The worst kind of compliment is a compliment that isn’t really a compliment at all. Like when an employer says that a former worker was a genuinely nice guy, but his conduct was only acceptable when compared to his previous places of employment where he was a complete jerk.

Randy Moss is that formerly disgruntled employee, and the Titans are his most recent employer who said that overall he was a pretty chill dude, as long as you didn’t ask him to try with any consistency during games, or practice hard.

But yes, in the locker room he was nice and sociable.

NFL Network’s Albert Breer talked to several Titans sources, and they all said that Moss was a saint and well behaved, and handled what at the time was thought to be his final NFL stop with class and dignity.

“He was great,” one team official said. “He was a great personality, he brought an energy to practice. He was constantly talking, but it was all in a competitive way, not a negative way.”

A second official even said that Moss became a veteran leader during his eight-game stint.

“He was great with all those guys. They were in awe of him, and he took the time to get to know everyone. He was a good teammate. He counseled and mentored the guys, and he was a positive influence on them in that way.”

Sure, that’s a baby step forward, because Moss’ time in Tennessee started only a few weeks after he berated caterers who just wanted to feed him delicious meat in Minnesota. His candid and moronic New England press conference wasn’t too far in the rear-view mirror either…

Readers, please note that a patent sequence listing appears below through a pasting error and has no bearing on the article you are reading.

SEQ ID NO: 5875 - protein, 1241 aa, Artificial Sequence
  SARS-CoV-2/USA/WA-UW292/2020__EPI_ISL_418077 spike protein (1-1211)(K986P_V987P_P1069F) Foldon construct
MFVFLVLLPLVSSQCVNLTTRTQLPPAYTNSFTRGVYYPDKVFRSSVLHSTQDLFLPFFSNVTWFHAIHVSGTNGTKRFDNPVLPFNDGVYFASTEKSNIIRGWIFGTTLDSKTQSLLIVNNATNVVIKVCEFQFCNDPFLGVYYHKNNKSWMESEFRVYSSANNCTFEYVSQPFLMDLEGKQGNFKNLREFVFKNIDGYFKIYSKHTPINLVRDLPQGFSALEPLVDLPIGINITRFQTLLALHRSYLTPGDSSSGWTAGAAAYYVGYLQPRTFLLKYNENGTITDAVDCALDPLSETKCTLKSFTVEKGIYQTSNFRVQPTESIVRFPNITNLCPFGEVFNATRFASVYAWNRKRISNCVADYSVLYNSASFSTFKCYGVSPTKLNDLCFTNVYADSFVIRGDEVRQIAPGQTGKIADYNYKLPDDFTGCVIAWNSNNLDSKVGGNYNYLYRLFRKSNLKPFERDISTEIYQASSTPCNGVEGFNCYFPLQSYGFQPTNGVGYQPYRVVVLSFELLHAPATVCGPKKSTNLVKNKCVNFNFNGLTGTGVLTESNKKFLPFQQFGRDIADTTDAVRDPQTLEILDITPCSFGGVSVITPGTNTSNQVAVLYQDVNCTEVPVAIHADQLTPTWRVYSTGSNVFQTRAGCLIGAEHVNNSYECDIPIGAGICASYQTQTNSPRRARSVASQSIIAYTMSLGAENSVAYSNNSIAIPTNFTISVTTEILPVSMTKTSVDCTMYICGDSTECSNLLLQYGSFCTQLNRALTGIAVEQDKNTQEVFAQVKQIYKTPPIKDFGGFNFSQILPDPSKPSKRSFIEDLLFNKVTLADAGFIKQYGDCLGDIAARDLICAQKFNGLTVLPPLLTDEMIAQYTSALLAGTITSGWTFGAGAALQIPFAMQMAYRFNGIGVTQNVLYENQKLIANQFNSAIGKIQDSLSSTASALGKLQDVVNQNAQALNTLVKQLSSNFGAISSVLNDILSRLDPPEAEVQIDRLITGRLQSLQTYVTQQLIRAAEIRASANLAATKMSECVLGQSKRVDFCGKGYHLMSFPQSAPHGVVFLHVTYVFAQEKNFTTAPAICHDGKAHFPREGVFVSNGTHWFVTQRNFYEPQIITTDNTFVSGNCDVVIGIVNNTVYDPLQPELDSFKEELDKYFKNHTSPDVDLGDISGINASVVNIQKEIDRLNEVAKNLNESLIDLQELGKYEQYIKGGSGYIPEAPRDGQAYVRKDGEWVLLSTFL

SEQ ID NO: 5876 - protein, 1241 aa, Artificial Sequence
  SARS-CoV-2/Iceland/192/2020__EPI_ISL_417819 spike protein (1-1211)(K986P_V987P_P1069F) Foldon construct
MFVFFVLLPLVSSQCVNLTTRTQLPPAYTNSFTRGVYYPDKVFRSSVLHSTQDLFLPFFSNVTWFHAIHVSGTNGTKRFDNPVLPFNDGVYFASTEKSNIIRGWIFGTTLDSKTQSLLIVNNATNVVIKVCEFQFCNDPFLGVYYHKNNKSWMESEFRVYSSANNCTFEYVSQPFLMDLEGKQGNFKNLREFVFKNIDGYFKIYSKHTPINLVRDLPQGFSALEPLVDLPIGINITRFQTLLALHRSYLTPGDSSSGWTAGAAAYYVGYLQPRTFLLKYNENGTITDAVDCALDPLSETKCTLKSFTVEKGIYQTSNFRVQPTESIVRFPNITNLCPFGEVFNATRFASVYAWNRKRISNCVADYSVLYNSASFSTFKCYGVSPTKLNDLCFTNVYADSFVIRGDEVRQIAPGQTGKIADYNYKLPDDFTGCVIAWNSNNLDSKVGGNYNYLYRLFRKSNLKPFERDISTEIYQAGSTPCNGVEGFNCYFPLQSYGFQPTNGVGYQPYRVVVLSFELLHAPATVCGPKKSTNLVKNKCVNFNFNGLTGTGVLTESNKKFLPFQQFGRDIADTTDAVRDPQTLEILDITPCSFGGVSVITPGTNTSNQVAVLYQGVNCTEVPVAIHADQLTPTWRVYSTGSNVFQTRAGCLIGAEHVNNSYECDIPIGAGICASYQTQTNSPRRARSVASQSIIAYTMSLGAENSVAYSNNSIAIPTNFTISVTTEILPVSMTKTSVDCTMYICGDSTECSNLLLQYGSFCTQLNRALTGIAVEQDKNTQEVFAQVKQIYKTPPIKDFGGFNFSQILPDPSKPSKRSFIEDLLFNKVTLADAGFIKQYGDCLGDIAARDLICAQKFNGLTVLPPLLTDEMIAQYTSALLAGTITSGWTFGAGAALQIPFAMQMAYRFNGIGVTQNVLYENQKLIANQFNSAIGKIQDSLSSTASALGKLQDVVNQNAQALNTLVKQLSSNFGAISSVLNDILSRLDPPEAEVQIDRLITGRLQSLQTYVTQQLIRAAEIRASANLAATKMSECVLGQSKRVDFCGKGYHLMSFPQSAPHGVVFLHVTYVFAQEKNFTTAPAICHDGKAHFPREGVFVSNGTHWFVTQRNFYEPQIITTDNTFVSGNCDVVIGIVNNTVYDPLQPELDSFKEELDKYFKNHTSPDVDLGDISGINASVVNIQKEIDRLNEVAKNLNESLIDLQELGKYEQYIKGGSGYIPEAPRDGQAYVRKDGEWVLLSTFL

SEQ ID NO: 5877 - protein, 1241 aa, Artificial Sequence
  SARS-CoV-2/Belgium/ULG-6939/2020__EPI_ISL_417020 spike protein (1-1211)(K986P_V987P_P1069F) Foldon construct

Moss is a man, and he has a job. So it’s wonderful that he chose to act like a man and not a little man-child around his teammates in Tennessee when he was mingling in the locker room. It’s also terrific that he presumably enjoyed the fine meat selection in Tennessee far more than Minnesota’s apparent dog meat.

But really, who cares? Part of the charm of the diva wide receiver is that they can be absolute jerks, but when they step onto the field they still produce at an elite level. That potential charm especially applies to Moss now, because if he’s lucky enough to get a legitimate contract offer, it’ll be a short-term one, likely just for one year.

His new team needs to be confident that he can make a consistent contribution, and their concern about his past history as a locker room cancer will be minimal because he won’t be around long enough to do any damage. And when it comes to producing and actually trying, Moss is still lazy and selective.

The same Titans insider who praised Moss’ ability to behave like a normal human in his early 30′s also told Breer that he didn’t change much during games and practice.

“As a player, he’s never been a great practice player, but there were no issues. The problem was in games, he’d lose interest, he’d dog it sometimes… He gets frustrated with double teams; when he gets bracketed, he’ll shut it down, and that causes a problem for you. But as a guy, he was good here.”

It’s that utter lack of ambition that led to Moss finishing with only six receptions for 80 yards during his time in Tennessee, which included three straight games without a catch. As a general manager, why would you rent a product that quite literally doesn’t work?